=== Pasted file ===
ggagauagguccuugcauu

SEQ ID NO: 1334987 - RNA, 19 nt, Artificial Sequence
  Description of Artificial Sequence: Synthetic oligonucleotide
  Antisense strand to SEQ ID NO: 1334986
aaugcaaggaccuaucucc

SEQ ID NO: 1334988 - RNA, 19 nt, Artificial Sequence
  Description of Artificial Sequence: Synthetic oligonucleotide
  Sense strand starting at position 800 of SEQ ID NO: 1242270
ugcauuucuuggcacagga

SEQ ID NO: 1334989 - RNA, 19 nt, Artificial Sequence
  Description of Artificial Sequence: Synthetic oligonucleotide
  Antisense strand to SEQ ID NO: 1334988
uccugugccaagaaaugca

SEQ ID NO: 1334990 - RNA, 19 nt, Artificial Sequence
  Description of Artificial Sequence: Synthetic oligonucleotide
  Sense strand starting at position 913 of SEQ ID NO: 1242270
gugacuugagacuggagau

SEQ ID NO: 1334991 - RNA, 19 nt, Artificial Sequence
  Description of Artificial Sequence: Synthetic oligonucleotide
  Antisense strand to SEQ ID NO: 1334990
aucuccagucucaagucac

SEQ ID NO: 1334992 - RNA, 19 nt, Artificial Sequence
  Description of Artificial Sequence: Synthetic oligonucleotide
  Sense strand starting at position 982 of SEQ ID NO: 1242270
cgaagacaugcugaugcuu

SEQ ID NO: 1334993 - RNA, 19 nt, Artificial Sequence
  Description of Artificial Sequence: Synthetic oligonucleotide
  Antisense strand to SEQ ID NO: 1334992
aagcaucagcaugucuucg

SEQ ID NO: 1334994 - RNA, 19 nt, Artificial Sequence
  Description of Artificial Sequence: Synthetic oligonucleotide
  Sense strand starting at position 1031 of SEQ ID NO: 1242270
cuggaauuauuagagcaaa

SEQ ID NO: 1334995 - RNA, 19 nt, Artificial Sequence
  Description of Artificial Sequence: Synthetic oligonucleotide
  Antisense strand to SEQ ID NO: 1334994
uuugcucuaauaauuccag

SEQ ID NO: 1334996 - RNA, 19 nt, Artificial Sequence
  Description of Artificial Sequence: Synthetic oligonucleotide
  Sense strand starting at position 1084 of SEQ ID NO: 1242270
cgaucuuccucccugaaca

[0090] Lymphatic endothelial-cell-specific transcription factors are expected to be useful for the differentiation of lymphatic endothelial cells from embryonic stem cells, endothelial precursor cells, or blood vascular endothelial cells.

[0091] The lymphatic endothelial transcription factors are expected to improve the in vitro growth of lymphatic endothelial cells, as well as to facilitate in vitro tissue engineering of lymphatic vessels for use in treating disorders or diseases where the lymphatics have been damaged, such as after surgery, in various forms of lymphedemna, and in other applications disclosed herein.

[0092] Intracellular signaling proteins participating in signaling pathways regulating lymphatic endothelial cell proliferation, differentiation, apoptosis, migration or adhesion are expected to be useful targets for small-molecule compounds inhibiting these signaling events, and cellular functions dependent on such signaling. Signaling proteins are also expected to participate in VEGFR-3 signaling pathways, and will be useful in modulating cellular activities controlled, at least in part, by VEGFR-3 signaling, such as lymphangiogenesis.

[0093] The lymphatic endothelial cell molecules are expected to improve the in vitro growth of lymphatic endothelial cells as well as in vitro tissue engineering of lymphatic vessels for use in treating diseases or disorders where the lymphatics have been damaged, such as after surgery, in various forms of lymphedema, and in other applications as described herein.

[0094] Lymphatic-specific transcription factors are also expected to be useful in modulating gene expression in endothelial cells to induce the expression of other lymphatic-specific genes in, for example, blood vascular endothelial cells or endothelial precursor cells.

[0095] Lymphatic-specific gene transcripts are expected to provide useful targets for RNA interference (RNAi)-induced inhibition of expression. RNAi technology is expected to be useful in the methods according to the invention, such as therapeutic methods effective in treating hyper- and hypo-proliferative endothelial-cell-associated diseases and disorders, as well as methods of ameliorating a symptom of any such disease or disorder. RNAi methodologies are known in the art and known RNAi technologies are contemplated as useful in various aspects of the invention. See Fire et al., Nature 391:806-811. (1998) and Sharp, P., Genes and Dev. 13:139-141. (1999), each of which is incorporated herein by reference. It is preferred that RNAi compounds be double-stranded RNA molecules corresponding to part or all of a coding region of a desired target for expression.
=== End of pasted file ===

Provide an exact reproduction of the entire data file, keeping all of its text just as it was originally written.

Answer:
ggagauagguccuugcauu

SEQ ID NO: 1334987 - RNA, 19 nt, Artificial Sequence
  Description of Artificial Sequence: Synthetic oligonucleotide
  Antisense strand to SEQ ID NO: 1334986
aaugcaaggaccuaucucc

SEQ ID NO: 1334988 - RNA, 19 nt, Artificial Sequence
  Description of Artificial Sequence: Synthetic oligonucleotide
  Sense strand starting at position 800 of SEQ ID NO: 1242270
ugcauuucuuggcacagga

SEQ ID NO: 1334989 - RNA, 19 nt, Artificial Sequence
  Description of Artificial Sequence: Synthetic oligonucleotide
  Antisense strand to SEQ ID NO: 1334988
uccugugccaagaaaugca

SEQ ID NO: 1334990 - RNA, 19 nt, Artificial Sequence
  Description of Artificial Sequence: Synthetic oligonucleotide
  Sense strand starting at position 913 of SEQ ID NO: 1242270
gugacuugagacuggagau

SEQ ID NO: 1334991 - RNA, 19 nt, Artificial Sequence
  Description of Artificial Sequence: Synthetic oligonucleotide
  Antisense strand to SEQ ID NO: 1334990
aucuccagucucaagucac

SEQ ID NO: 1334992 - RNA, 19 nt, Artificial Sequence
  Description of Artificial Sequence: Synthetic oligonucleotide
  Sense strand starting at position 982 of SEQ ID NO: 1242270
cgaagacaugcugaugcuu

SEQ ID NO: 1334993 - RNA, 19 nt, Artificial Sequence
  Description of Artificial Sequence: Synthetic oligonucleotide
  Antisense strand to SEQ ID NO: 1334992
aagcaucagcaugucuucg

SEQ ID NO: 1334994 - RNA, 19 nt, Artificial Sequence
  Description of Artificial Sequence: Synthetic oligonucleotide
  Sense strand starting at position 1031 of SEQ ID NO: 1242270
cuggaauuauuagagcaaa

SEQ ID NO: 1334995 - RNA, 19 nt, Artificial Sequence
  Description of Artificial Sequence: Synthetic oligonucleotide
  Antisense strand to SEQ ID NO: 1334994
uuugcucuaauaauuccag

SEQ ID NO: 1334996 - RNA, 19 nt, Artificial Sequence
  Description of Artificial Sequence: Synthetic oligonucleotide
  Sense strand starting at position 1084 of SEQ ID NO: 1242270
cgaucuuccucccugaaca

[0090] Lymphatic endothelial-cell-specific transcription factors are expected to be useful for the differentiation of lymphatic endothelial cells from embryonic stem cells, endothelial precursor cells, or blood vascular endothelial cells.

[0091] The lymphatic endothelial transcription factors are expected to improve the in vitro growth of lymphatic endothelial cells, as well as to facilitate in vitro tissue engineering of lymphatic vessels for use in treating disorders or diseases where the lymphatics have been damaged, such as after surgery, in various forms of lymphedemna, and in other applications disclosed herein.

[0092] Intracellular signaling proteins participating in signaling pathways regulating lymphatic endothelial cell proliferation, differentiation, apoptosis, migration or adhesion are expected to be useful targets for small-molecule compounds inhibiting these signaling events, and cellular functions dependent on such signaling. Signaling proteins are also expected to participate in VEGFR-3 signaling pathways, and will be useful in modulating cellular activities controlled, at least in part, by VEGFR-3 signaling, such as lymphangiogenesis.

[0093] The lymphatic endothelial cell molecules are expected to improve the in vitro growth of lymphatic endothelial cells as well as in vitro tissue engineering of lymphatic vessels for use in treating diseases or disorders where the lymphatics have been damaged, such as after surgery, in various forms of lymphedema, and in other applications as described herein.

[0094] Lymphatic-specific transcription factors are also expected to be useful in modulating gene expression in endothelial cells to induce the expression of other lymphatic-specific genes in, for example, blood vascular endothelial cells or endothelial precursor cells.

[0095] Lymphatic-specific gene transcripts are expected to provide useful targets for RNA interference (RNAi)-induced inhibition of expression. RNAi technology is expected to be useful in the methods according to the invention, such as therapeutic methods effective in treating hyper- and hypo-proliferative endothelial-cell-associated diseases and disorders, as well as methods of ameliorating a symptom of any such disease or disorder. RNAi methodologies are known in the art and known RNAi technologies are contemplated as useful in various aspects of the invention. See Fire et al., Nature 391:806-811. (1998) and Sharp, P., Genes and Dev. 13:139-141. (1999), each of which is incorporated herein by reference. It is preferred that RNAi compounds be double-stranded RNA molecules corresponding to part or all of a coding region of a desired target for expression.